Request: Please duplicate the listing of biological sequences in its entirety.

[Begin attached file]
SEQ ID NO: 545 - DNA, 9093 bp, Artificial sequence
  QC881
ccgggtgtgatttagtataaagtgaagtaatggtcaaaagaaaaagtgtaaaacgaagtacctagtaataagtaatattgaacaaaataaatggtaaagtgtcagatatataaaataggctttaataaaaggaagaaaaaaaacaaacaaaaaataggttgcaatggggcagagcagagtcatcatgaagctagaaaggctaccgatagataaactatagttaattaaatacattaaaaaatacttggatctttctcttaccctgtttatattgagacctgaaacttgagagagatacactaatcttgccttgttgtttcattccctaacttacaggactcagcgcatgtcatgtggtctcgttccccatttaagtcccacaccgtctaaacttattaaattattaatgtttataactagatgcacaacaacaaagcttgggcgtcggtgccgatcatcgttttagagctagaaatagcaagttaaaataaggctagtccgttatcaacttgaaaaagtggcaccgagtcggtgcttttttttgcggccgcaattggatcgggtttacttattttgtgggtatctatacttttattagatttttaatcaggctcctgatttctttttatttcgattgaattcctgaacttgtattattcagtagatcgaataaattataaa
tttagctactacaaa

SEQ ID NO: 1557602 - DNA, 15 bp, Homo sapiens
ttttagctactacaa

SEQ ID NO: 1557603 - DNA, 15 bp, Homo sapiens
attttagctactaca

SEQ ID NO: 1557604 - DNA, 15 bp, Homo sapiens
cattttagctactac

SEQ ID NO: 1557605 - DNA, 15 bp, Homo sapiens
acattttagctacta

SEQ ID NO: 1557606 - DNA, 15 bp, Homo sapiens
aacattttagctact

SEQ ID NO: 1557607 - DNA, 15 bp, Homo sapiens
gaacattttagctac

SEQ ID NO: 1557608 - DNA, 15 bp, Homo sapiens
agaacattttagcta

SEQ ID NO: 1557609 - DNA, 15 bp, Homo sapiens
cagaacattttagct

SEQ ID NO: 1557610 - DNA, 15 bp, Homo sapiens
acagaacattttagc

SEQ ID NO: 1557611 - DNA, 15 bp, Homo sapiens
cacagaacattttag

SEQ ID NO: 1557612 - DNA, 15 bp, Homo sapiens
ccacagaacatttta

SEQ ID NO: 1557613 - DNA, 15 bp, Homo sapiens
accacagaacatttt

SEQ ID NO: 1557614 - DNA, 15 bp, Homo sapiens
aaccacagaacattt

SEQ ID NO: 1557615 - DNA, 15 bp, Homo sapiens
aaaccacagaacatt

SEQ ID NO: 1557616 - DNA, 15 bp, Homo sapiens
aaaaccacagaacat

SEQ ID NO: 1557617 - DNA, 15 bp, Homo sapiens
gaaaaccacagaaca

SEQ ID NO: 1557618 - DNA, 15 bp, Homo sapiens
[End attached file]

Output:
SEQ ID NO: 545 - DNA, 9093 bp, Artificial sequence
  QC881
ccgggtgtgatttagtataaagtgaagtaatggtcaaaagaaaaagtgtaaaacgaagtacctagtaataagtaatattgaacaaaataaatggtaaagtgtcagatatataaaataggctttaataaaaggaagaaaaaaaacaaacaaaaaataggttgcaatggggcagagcagagtcatcatgaagctagaaaggctaccgatagataaactatagttaattaaatacattaaaaaatacttggatctttctcttaccctgtttatattgagacctgaaacttgagagagatacactaatcttgccttgttgtttcattccctaacttacaggactcagcgcatgtcatgtggtctcgttccccatttaagtcccacaccgtctaaacttattaaattattaatgtttataactagatgcacaacaacaaagcttgggcgtcggtgccgatcatcgttttagagctagaaatagcaagttaaaataaggctagtccgttatcaacttgaaaaagtggcaccgagtcggtgcttttttttgcggccgcaattggatcgggtttacttattttgtgggtatctatacttttattagatttttaatcaggctcctgatttctttttatttcgattgaattcctgaacttgtattattcagtagatcgaataaattataaa
tttagctactacaaa

SEQ ID NO: 1557602 - DNA, 15 bp, Homo sapiens
ttttagctactacaa

SEQ ID NO: 1557603 - DNA, 15 bp, Homo sapiens
attttagctactaca

SEQ ID NO: 1557604 - DNA, 15 bp, Homo sapiens
cattttagctactac

SEQ ID NO: 1557605 - DNA, 15 bp, Homo sapiens
acattttagctacta

SEQ ID NO: 1557606 - DNA, 15 bp, Homo sapiens
aacattttagctact

SEQ ID NO: 1557607 - DNA, 15 bp, Homo sapiens
gaacattttagctac

SEQ ID NO: 1557608 - DNA, 15 bp, Homo sapiens
agaacattttagcta

SEQ ID NO: 1557609 - DNA, 15 bp, Homo sapiens
cagaacattttagct

SEQ ID NO: 1557610 - DNA, 15 bp, Homo sapiens
acagaacattttagc

SEQ ID NO: 1557611 - DNA, 15 bp, Homo sapiens
cacagaacattttag

SEQ ID NO: 1557612 - DNA, 15 bp, Homo sapiens
ccacagaacatttta

SEQ ID NO: 1557613 - DNA, 15 bp, Homo sapiens
accacagaacatttt

SEQ ID NO: 1557614 - DNA, 15 bp, Homo sapiens
aaccacagaacattt

SEQ ID NO: 1557615 - DNA, 15 bp, Homo sapiens
aaaccacagaacatt

SEQ ID NO: 1557616 - DNA, 15 bp, Homo sapiens
aaaaccacagaacat

SEQ ID NO: 1557617 - DNA, 15 bp, Homo sapiens
gaaaaccacagaaca

SEQ ID NO: 1557618 - DNA, 15 bp, Homo sapiens